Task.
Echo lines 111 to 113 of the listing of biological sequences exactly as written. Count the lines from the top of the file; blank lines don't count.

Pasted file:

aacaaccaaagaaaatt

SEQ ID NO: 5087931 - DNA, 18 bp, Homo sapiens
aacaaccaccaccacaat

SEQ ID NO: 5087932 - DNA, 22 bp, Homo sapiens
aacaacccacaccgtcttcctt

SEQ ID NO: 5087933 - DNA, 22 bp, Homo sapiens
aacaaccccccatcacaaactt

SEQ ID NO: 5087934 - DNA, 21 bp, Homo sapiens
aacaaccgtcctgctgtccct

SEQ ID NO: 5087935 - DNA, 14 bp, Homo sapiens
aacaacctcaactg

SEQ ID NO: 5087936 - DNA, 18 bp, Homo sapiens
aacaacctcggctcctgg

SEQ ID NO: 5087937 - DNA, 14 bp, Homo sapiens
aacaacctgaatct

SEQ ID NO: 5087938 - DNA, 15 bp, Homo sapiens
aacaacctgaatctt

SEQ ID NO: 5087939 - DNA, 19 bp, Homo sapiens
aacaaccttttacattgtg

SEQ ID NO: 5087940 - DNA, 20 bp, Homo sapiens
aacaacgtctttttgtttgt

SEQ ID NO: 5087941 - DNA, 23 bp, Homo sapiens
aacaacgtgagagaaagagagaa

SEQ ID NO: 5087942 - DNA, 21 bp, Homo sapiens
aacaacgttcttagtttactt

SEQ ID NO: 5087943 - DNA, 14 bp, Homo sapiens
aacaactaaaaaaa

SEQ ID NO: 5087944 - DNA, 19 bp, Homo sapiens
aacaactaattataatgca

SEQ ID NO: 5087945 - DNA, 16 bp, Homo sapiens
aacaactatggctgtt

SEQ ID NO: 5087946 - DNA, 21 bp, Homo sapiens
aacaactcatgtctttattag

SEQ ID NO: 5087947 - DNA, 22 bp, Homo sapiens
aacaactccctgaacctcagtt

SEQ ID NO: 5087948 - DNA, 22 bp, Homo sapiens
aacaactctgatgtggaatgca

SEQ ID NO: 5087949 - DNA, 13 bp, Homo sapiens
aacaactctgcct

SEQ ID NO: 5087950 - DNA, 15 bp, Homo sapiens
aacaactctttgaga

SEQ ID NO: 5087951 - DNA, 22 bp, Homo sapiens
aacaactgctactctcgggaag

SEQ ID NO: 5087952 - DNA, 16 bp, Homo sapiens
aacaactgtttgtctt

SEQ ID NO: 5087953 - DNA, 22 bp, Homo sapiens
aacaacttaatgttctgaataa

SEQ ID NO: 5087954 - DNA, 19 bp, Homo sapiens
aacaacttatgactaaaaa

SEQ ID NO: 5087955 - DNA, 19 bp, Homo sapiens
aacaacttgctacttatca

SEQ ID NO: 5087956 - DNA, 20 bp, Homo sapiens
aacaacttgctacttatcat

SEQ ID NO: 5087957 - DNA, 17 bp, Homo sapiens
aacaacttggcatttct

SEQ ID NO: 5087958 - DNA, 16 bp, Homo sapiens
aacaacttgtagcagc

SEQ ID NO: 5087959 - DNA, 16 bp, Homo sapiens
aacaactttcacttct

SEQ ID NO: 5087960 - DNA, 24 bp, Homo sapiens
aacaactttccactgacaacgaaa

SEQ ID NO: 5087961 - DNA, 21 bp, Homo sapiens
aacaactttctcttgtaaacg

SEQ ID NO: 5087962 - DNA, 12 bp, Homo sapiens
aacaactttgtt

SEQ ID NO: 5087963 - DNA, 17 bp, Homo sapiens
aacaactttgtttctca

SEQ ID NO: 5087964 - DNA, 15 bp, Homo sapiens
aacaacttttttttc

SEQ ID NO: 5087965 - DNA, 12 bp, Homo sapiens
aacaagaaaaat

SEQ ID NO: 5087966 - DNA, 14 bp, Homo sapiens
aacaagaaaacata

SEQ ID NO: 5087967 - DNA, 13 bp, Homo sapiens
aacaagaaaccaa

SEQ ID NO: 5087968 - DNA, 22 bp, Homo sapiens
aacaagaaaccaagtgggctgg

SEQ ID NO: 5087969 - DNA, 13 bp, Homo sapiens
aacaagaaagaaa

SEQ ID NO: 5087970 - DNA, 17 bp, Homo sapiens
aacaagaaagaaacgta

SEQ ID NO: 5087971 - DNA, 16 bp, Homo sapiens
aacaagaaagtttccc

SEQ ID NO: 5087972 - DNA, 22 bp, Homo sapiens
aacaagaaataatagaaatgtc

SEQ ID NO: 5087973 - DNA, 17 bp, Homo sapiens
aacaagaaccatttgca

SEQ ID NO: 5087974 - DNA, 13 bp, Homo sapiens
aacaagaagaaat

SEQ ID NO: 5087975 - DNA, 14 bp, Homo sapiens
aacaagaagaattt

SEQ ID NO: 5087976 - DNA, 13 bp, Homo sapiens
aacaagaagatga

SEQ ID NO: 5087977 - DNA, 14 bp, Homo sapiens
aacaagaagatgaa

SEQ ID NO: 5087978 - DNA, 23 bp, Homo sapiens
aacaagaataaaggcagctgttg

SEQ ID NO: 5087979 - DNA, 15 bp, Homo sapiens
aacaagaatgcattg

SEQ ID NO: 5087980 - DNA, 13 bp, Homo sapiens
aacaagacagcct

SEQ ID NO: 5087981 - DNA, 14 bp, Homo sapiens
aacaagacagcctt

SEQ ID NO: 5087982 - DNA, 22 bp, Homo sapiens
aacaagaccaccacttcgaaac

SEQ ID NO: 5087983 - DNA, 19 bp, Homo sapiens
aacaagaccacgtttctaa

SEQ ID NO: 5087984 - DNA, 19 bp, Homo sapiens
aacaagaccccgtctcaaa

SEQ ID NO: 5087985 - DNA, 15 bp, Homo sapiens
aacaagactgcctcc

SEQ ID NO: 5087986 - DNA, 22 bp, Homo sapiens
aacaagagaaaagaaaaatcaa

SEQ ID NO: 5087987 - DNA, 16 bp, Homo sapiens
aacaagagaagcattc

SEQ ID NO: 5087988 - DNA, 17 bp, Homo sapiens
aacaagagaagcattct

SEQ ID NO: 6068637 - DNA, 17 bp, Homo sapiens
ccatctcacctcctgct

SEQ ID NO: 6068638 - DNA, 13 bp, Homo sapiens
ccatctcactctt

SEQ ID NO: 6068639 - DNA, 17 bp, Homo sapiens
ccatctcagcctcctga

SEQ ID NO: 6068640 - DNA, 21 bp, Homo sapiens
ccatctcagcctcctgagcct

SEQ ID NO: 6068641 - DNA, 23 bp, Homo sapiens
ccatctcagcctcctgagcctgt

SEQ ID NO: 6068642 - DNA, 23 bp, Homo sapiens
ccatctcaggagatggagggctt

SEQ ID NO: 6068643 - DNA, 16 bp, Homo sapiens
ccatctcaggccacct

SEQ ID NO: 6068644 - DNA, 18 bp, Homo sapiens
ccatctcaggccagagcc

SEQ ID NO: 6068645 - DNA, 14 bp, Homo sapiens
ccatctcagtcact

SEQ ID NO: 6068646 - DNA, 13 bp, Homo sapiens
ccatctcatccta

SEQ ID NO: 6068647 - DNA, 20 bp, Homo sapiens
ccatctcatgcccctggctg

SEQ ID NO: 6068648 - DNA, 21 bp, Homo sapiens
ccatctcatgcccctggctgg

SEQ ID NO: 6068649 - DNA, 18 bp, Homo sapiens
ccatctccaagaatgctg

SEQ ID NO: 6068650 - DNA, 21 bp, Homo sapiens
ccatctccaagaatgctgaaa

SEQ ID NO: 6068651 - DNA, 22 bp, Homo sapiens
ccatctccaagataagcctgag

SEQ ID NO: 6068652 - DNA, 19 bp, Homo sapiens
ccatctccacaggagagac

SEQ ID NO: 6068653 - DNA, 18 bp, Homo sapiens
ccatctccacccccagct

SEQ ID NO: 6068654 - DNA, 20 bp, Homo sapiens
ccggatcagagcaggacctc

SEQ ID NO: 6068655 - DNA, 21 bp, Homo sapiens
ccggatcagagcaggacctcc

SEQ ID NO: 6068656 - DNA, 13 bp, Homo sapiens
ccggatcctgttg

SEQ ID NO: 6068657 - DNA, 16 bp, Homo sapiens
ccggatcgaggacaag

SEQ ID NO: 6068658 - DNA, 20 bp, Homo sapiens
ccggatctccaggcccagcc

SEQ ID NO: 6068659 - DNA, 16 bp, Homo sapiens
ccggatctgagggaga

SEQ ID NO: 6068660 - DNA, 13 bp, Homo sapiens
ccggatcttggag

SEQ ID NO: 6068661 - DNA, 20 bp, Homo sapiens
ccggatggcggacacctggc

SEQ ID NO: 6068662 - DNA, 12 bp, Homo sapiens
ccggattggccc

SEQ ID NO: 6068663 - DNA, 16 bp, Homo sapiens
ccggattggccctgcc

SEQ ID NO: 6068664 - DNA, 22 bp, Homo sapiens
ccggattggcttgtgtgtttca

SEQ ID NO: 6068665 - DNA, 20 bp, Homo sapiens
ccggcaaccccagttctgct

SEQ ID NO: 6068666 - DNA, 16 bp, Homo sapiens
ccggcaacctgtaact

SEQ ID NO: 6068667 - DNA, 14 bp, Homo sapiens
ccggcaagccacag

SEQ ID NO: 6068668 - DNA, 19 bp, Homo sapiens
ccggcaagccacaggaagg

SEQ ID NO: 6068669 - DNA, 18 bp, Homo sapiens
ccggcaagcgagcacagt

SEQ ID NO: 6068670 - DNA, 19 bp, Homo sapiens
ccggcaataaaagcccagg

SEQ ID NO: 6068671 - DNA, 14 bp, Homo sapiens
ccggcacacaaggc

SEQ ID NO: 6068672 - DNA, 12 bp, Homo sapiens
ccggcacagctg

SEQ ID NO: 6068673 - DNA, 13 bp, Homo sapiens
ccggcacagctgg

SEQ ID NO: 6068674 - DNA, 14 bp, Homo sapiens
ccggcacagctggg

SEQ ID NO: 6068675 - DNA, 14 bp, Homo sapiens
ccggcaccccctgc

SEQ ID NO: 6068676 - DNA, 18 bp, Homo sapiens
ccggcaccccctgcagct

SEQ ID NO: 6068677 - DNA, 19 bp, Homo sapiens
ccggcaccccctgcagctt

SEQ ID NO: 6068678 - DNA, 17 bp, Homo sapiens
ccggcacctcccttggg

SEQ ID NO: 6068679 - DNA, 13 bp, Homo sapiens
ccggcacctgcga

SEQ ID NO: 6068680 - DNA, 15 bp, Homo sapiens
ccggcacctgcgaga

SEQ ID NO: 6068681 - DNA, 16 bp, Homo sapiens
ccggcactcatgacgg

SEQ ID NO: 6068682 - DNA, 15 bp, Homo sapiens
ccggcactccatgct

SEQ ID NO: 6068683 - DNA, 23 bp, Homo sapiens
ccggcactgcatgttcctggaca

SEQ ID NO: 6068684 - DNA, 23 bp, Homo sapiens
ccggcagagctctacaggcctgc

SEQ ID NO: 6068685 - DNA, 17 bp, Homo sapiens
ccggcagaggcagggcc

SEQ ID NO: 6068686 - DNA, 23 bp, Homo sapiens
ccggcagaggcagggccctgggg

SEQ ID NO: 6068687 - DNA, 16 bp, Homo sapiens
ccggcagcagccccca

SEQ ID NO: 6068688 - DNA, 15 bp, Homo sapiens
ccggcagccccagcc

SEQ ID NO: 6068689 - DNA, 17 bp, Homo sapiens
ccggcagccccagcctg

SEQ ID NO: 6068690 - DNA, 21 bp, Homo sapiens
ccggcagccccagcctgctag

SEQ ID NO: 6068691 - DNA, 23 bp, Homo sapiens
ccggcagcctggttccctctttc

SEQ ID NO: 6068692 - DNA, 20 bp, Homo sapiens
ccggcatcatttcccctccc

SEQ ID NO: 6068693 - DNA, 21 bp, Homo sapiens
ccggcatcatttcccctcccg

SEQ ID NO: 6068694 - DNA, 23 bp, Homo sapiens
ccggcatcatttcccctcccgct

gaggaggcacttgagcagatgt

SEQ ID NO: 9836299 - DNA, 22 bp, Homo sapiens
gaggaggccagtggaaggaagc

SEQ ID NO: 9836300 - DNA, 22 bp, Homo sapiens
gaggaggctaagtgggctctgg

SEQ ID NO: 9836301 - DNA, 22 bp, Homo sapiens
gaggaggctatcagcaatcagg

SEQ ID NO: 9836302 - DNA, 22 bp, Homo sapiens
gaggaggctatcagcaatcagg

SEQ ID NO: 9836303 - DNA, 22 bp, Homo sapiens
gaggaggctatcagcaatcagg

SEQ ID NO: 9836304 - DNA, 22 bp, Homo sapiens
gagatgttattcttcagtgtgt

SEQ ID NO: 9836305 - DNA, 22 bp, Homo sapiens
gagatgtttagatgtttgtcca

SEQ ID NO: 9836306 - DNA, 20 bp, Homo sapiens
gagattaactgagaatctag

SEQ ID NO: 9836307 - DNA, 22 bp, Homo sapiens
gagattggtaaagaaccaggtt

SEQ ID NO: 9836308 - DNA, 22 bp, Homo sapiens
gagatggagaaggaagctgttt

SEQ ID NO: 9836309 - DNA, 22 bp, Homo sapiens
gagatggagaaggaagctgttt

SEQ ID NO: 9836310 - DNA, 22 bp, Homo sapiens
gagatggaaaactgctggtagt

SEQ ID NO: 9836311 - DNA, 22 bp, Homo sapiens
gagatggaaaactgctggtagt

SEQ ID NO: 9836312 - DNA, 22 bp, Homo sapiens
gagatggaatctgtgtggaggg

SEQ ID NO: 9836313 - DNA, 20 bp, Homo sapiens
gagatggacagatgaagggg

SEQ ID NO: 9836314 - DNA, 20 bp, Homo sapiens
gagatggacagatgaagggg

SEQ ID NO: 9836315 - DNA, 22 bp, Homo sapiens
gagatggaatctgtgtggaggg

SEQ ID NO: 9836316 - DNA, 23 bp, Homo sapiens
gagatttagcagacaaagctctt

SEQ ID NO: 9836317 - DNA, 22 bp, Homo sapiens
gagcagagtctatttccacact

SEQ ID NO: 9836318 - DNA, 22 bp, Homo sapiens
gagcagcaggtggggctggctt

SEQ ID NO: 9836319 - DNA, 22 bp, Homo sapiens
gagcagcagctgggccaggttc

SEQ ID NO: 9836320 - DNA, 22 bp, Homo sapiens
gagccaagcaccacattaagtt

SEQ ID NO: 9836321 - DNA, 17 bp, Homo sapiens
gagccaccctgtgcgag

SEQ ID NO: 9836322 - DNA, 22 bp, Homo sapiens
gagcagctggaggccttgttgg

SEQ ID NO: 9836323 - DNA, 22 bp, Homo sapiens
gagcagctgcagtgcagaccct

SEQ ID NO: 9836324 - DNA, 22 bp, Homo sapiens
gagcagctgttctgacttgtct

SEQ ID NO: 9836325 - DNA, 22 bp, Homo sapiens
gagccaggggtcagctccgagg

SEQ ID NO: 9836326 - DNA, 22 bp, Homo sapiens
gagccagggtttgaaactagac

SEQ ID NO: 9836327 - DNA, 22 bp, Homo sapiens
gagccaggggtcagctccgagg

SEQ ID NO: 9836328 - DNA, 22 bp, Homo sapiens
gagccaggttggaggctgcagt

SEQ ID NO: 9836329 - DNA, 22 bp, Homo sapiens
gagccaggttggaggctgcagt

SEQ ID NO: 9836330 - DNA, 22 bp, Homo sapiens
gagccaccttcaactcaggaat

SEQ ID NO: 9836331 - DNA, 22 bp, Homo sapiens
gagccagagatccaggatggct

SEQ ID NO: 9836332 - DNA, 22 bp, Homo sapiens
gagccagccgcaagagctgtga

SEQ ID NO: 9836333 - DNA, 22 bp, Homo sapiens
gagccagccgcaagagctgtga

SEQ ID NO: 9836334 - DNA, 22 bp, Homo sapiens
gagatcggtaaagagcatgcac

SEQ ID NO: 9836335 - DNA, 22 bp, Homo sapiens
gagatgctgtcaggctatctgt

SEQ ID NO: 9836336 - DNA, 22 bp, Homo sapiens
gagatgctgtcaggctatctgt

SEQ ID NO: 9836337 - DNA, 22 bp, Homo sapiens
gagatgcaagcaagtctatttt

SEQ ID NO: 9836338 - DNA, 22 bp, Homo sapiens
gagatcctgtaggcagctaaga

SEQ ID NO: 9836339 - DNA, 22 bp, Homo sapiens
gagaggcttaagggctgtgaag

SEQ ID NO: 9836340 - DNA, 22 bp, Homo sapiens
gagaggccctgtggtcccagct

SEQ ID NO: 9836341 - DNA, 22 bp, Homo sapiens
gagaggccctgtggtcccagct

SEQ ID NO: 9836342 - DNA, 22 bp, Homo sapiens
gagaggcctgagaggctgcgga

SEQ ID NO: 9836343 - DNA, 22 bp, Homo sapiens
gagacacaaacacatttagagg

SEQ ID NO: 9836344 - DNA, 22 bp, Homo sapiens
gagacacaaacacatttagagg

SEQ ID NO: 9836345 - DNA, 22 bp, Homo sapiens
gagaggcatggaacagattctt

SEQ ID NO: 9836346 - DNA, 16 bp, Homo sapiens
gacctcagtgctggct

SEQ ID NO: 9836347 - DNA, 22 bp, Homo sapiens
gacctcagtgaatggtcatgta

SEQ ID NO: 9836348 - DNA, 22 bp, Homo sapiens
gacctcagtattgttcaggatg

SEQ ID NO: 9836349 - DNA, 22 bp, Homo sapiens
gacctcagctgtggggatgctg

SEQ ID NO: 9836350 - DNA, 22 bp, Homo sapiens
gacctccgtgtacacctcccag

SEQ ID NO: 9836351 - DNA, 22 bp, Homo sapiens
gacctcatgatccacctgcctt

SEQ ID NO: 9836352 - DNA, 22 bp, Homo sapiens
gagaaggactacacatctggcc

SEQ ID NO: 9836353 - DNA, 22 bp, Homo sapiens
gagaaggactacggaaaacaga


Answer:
aacaagactgcctcc

SEQ ID NO: 5087986 - DNA, 22 bp, Homo sapiens
aacaagagaaaagaaaaatcaa